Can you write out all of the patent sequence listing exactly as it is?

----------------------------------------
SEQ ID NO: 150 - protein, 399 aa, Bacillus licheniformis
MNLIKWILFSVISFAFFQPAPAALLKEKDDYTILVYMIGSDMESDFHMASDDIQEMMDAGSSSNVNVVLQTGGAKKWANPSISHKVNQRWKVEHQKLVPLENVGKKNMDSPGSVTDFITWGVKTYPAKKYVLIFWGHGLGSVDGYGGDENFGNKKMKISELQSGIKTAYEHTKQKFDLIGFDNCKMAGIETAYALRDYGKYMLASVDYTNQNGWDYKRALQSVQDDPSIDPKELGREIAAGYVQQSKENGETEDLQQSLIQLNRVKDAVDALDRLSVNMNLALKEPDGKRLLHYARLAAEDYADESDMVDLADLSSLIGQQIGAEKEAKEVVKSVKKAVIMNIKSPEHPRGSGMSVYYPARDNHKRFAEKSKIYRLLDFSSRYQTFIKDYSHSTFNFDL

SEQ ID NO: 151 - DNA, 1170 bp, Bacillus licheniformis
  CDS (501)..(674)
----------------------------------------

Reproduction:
SEQ ID NO: 150 - protein, 399 aa, Bacillus licheniformis
MNLIKWILFSVISFAFFQPAPAALLKEKDDYTILVYMIGSDMESDFHMASDDIQEMMDAGSSSNVNVVLQTGGAKKWANPSISHKVNQRWKVEHQKLVPLENVGKKNMDSPGSVTDFITWGVKTYPAKKYVLIFWGHGLGSVDGYGGDENFGNKKMKISELQSGIKTAYEHTKQKFDLIGFDNCKMAGIETAYALRDYGKYMLASVDYTNQNGWDYKRALQSVQDDPSIDPKELGREIAAGYVQQSKENGETEDLQQSLIQLNRVKDAVDALDRLSVNMNLALKEPDGKRLLHYARLAAEDYADESDMVDLADLSSLIGQQIGAEKEAKEVVKSVKKAVIMNIKSPEHPRGSGMSVYYPARDNHKRFAEKSKIYRLLDFSSRYQTFIKDYSHSTFNFDL

SEQ ID NO: 151 - DNA, 1170 bp, Bacillus licheniformis
  CDS (501)..(674)